They've made the pitch and presented the offer. The next obvious question is: How much will it cost?

Wait! Before they answer that question, they have to show your audience all that you'll receive. This goes back to the first post in this series, where I mentioned all the 'extras' that are given 'value.' The value is priced so that your 'discounted' price will sound too fantastic to turn down.

They have to list several because one or two won't sound good. Many are separated to show that value, with two or more 'bonuses' tacked on to show the value of the entire package. (It's like a college course being separated into chapters of the textbook you're going to be following, with a value attached to each chapter.)

Now, many will then go ahead and tell you the cost, then add 'freebies.' Others will tell the freebies before the price. They may list those with extra values you get for FREE!

For writing, this may be the fact there are other stories in a series available.

Switching back to a CMMS, these value-added items also should be beneficial. These could be features included. Project management, Warranty tracking. Downtime tracking, Depreciation. Multilevel authorizations. Numerous more.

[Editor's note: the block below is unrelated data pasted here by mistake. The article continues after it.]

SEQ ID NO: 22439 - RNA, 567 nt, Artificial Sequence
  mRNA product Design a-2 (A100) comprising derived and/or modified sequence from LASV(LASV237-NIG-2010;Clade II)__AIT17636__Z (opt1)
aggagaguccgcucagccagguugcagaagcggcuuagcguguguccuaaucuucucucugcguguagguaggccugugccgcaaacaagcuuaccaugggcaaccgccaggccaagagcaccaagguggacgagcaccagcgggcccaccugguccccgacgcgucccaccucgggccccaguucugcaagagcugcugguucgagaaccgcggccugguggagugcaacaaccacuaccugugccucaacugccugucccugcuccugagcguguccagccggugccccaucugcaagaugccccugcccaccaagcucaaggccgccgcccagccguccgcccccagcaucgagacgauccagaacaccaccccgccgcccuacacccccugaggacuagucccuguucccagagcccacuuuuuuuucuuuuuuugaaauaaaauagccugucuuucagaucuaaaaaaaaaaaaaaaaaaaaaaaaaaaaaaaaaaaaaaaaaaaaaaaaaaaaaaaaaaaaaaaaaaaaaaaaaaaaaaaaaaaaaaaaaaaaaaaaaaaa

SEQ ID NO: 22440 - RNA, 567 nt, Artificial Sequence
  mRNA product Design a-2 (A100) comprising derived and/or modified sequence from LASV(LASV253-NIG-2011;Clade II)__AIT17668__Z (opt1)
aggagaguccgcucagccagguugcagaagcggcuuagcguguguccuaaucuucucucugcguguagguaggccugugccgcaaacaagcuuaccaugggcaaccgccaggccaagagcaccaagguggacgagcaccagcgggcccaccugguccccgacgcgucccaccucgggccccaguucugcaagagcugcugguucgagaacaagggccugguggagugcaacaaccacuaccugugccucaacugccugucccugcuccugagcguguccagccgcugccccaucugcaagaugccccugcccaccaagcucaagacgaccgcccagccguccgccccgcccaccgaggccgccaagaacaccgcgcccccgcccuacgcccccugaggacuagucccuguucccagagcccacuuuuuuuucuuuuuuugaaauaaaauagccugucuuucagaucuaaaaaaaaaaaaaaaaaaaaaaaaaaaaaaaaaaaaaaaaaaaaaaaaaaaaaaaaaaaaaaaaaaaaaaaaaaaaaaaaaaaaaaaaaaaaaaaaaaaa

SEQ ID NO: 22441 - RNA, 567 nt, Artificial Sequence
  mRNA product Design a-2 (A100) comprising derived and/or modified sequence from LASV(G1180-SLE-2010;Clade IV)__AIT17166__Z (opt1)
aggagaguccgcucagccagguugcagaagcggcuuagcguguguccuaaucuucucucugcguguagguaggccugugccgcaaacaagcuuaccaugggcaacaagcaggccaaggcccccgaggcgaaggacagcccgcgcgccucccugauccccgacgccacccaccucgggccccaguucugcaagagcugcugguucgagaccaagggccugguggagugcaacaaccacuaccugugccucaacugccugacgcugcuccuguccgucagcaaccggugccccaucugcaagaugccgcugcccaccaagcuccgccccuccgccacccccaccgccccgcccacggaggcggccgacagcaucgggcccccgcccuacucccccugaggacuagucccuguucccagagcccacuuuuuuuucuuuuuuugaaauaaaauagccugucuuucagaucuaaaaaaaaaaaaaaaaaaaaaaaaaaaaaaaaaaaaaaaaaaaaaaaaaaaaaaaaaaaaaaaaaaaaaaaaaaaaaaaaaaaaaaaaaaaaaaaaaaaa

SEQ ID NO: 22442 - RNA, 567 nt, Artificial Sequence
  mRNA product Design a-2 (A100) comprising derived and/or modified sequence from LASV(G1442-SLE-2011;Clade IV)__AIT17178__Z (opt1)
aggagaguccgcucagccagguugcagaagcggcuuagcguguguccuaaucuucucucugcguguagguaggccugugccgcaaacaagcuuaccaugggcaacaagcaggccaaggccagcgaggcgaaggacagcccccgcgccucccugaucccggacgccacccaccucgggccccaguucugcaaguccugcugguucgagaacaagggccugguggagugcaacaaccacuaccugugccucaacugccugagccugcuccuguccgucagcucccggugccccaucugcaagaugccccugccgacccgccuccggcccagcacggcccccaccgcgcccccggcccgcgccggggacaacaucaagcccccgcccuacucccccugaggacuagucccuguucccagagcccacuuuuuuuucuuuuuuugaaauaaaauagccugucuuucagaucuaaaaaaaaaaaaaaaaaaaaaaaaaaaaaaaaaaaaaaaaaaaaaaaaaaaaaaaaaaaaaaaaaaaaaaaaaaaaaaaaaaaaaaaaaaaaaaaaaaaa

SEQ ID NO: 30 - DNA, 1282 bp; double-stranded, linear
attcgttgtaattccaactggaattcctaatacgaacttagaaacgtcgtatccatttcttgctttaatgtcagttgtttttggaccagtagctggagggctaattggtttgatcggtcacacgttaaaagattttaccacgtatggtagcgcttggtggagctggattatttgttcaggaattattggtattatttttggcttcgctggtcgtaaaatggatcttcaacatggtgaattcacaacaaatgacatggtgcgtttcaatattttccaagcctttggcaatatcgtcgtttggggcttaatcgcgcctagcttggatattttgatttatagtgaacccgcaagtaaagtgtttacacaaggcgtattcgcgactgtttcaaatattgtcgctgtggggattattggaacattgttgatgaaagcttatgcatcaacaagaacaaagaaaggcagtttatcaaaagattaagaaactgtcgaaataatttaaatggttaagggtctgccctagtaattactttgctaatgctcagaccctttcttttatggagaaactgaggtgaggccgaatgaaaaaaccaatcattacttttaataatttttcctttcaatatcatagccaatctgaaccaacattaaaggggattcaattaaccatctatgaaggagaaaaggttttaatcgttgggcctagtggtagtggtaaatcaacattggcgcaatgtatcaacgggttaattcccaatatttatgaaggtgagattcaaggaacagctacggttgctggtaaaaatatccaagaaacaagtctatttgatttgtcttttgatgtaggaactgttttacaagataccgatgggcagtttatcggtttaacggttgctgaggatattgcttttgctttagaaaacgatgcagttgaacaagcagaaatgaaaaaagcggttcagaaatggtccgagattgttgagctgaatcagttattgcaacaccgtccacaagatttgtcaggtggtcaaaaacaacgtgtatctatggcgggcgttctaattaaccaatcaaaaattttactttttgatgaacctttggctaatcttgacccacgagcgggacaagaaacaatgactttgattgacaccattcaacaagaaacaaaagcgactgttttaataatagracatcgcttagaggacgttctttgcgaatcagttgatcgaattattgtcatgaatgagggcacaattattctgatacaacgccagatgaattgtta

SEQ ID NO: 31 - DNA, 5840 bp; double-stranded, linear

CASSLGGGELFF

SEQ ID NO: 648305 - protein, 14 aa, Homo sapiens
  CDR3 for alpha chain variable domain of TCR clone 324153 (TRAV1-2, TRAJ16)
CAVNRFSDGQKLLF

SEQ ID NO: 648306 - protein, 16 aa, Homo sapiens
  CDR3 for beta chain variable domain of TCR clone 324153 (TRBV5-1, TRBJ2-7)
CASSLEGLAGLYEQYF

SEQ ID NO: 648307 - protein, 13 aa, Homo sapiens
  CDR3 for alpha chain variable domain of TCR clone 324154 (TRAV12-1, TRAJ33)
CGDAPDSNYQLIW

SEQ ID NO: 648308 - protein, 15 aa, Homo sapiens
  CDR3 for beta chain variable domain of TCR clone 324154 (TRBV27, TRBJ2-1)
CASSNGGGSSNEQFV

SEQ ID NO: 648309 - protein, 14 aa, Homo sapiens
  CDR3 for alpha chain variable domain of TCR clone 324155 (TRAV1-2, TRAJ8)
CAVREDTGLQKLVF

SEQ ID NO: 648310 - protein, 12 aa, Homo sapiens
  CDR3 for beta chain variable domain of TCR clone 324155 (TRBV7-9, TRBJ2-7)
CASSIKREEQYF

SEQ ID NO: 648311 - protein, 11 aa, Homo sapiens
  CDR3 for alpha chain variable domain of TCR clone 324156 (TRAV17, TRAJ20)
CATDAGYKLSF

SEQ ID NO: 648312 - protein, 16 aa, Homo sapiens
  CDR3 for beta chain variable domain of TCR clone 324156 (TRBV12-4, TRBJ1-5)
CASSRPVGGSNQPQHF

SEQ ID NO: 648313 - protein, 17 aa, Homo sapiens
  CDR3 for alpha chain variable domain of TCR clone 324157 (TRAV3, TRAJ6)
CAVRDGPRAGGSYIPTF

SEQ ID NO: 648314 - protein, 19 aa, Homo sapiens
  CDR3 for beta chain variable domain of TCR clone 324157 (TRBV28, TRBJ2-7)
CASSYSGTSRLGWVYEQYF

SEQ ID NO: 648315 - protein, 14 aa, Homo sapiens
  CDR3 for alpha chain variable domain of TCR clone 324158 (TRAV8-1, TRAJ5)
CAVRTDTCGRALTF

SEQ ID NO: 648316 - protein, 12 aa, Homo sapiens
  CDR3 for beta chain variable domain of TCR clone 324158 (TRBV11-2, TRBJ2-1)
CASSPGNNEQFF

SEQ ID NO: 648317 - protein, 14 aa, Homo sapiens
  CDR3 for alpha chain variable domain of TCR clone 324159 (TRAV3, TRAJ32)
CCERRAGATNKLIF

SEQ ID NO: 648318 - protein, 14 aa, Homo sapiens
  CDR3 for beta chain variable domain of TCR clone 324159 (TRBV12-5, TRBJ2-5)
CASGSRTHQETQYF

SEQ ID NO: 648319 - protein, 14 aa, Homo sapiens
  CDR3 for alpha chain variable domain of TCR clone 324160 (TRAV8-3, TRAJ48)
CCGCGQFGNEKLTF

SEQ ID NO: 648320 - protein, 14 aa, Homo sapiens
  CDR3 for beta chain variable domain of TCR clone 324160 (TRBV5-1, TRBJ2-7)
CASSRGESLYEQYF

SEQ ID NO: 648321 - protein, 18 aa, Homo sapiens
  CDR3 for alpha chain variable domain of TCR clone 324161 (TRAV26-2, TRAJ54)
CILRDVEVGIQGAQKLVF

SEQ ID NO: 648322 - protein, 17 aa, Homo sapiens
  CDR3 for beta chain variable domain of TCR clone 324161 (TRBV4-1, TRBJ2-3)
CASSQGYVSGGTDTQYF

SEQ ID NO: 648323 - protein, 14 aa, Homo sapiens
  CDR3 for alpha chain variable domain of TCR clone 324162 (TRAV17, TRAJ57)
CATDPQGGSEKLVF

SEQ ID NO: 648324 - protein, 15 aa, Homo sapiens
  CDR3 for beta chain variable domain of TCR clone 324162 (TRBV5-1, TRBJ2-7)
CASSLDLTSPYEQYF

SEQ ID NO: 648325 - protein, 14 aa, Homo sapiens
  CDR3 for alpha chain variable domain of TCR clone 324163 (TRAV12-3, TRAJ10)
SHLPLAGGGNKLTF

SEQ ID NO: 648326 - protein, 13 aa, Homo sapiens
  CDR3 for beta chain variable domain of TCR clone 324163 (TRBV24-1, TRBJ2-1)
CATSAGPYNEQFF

The big value of a CMMS should be its maintenance management planning, training, and continued support. This is on top of superb software.

Image: a sign reading costPrice

We've waited until point seven for this revelation. Personally, I think the buildup in some of these webinars is too much, too repetitive, and too filled with fluff. Stop telling me how wonderful it is, how beneficial it is, and get to the cost.

The cost. What will you pay to have the results? What is it going to cost you? For a book, this could be the retail price or a special deal offered.

For a CMMS, I can't tell you. No, I'm not being evasive. The price will be determined by your company's needs. Smaller operations will need fewer modules/features because they don't have as many assets or users. Larger facilities will need more. This is where in-depth planning of what you want from the system followed by a discussion with your CMMS representative will be helpful. You should schedule a demonstration of the system to get an overview of what you'll be working with.

Next week, I'll wrap up with the final three-pitch points. Join me, will you?


Stephen Brayton

About the Author – Stephen Brayton


Stephen L. Brayton is a Marketing Associate at Mapcon Technologies, Inc. He graduated from Iowa Wesleyan College with a degree in Communications. His background includes radio, hospitality, martial arts, and print media. He has authored several published books (fiction), and his short stories have been included in numerous anthologies. With his joining the Mapcon team, he ventures in a new and exciting direction with his writing and marketing. He’ll bring a unique perspective in presenting the Mapcon system to prospective companies, as well as our current valued clients.


Filed under: webinar, maintenance, CMMS — Stephen Brayton on August 30, 2022